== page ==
Álvaro Uribe’s party called anti-corruption protests for April 1. But, as Miguel Salazar finds out in central Bogotá, the marchers’ motives were mixed.
The full extent of tragedy from mudslides in Mocoa is still emerging as hundreds are injured after three rivers burst. Phoebe Hopson reports that the death toll is almost two hundred.
If you’ve lived in Colombia long enough, you will have heard locals say that you can’t trust anyone here and that you need to be cautious (no des papaya!). Veronika Hoelker and Julia Lledín examine the importance of trust and confidence-building measures in the post-agreement phase.
As Colombian paramilitaries continue to threaten rural communities, Emma Newbery reports on the increasing turmoil.
Talks have finally started with Colombia’s second largest guerrilla group, but the first weeks of negotiations have been marred by attacks. Emily Hastings finds out more.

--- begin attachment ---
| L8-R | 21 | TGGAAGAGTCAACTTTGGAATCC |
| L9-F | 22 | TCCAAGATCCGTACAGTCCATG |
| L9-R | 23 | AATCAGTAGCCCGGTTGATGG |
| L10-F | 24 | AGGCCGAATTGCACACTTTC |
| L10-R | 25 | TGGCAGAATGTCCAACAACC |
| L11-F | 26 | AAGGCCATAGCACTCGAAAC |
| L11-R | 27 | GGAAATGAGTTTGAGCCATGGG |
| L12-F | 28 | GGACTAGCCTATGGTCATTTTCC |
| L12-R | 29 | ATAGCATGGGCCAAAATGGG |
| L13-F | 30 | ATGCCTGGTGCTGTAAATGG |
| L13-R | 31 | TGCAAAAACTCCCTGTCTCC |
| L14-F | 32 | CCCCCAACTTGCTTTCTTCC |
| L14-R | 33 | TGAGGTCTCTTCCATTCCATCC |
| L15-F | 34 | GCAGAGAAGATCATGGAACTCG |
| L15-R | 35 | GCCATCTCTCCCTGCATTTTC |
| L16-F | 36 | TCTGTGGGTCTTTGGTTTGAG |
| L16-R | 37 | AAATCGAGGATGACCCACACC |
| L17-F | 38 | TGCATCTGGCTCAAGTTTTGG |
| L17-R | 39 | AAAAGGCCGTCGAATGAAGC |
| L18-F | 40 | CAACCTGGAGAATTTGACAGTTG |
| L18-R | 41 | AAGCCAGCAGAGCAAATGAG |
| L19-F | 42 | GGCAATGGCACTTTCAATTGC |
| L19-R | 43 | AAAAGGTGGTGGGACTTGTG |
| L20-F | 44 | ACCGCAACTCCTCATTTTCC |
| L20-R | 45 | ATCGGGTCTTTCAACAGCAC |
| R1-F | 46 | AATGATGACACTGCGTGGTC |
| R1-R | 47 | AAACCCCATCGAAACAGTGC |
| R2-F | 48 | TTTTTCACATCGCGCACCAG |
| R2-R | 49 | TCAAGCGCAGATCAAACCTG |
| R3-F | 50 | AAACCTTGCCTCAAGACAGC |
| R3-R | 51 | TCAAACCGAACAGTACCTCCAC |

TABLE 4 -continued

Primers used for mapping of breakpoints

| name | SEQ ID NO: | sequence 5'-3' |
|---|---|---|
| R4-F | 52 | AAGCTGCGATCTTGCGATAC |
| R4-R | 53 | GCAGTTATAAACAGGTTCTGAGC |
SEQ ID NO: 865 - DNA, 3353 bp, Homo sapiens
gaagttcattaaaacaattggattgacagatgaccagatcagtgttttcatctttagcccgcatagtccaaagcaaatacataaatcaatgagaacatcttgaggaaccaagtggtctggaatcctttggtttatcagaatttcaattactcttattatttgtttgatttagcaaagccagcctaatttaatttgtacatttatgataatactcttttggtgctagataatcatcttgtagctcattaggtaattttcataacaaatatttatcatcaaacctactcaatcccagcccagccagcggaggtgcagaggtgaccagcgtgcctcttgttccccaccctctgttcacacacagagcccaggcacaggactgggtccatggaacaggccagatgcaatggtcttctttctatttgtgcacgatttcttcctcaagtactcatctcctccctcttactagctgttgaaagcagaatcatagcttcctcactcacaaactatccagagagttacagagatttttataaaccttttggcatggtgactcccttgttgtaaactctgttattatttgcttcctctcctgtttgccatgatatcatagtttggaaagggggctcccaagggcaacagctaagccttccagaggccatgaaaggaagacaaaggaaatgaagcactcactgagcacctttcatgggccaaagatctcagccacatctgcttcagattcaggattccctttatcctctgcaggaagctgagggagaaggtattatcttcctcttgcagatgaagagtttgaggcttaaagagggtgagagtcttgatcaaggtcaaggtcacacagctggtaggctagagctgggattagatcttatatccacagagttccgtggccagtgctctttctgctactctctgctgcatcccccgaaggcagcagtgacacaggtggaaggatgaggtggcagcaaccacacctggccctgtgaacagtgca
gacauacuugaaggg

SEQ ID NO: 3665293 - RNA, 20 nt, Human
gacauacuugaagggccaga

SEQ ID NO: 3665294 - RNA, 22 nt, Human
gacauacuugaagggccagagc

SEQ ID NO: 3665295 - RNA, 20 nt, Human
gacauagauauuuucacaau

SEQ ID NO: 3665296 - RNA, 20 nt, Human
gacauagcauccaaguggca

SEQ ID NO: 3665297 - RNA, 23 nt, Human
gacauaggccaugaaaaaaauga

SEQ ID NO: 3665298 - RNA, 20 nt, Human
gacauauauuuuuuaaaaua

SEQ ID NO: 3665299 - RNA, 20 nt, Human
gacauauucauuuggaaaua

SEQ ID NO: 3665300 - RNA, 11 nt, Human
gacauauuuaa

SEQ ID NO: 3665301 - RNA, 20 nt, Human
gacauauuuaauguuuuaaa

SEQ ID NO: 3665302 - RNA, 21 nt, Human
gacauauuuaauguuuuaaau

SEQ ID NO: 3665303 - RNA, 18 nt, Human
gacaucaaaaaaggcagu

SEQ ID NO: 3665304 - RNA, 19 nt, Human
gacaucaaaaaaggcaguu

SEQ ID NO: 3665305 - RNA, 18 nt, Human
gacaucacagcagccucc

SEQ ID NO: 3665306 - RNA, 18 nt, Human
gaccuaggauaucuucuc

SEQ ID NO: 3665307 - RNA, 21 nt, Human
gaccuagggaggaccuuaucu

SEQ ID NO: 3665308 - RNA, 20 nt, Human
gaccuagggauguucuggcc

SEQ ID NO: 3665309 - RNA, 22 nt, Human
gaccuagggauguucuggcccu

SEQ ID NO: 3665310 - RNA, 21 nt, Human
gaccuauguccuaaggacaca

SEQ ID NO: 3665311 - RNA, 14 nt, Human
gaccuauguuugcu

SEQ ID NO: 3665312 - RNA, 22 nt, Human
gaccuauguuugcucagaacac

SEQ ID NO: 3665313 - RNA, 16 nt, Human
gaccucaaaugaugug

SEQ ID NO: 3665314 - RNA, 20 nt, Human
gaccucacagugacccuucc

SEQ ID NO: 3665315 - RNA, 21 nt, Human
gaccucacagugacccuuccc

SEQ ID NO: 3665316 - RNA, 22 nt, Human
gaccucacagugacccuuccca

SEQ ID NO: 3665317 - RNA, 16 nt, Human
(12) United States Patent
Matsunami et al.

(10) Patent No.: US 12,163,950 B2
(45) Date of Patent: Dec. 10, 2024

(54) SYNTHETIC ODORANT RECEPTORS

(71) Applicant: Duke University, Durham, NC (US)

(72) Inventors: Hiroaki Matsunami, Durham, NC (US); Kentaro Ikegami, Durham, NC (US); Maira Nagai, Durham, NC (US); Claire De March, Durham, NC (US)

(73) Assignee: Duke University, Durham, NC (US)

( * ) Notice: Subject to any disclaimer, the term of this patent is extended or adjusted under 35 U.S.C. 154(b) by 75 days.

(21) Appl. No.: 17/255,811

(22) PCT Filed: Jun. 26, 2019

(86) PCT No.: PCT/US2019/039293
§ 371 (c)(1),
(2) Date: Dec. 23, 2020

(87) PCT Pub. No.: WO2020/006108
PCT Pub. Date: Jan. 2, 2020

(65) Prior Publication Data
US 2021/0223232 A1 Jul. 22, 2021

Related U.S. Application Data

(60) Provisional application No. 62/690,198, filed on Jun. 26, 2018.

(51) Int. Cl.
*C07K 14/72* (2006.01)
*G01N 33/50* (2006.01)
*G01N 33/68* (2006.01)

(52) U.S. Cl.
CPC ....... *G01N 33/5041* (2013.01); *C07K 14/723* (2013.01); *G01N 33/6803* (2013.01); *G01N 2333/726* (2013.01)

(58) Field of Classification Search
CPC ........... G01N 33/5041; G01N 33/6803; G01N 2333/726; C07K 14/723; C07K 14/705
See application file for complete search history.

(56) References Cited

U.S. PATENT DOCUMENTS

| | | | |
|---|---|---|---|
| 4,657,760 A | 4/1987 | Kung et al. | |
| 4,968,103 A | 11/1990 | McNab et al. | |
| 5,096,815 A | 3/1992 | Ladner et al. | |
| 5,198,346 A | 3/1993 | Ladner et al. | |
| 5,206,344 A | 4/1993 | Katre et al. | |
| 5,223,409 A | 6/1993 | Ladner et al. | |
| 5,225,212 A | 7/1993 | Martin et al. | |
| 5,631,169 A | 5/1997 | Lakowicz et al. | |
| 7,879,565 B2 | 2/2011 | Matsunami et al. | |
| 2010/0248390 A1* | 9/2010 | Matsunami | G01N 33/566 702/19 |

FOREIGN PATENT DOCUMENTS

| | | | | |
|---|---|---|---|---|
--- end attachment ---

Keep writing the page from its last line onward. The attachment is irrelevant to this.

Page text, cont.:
Isabel Agatón, a human rights lawyer who played an active role in pushing through the femicide law, tells Elly Darkin that the challenge faced by the Colombian government is still a great one.
March 1 marked a historic step towards a lasting peace as the first FARC members took the ‘irreversible’ step of laying down their weapons.
On March 2, with 15 months to go until the presidential elections on May 27 next year, Vice President Germán Vargas Lleras announced that he will step down on March 14 to focus on the presidential campaign.
The constitutional court has ruled in favour of miners and residents in the town of Marmato, Caldas, by ordering the Canadian company Gran Colombia Gold to perform “prior consultation” with residents before continuing with their open-pit gold-mining operations.
72 year old drug mule Ismael Enrique Arciniegas Valencia given lethal injection in China in spite of government efforts.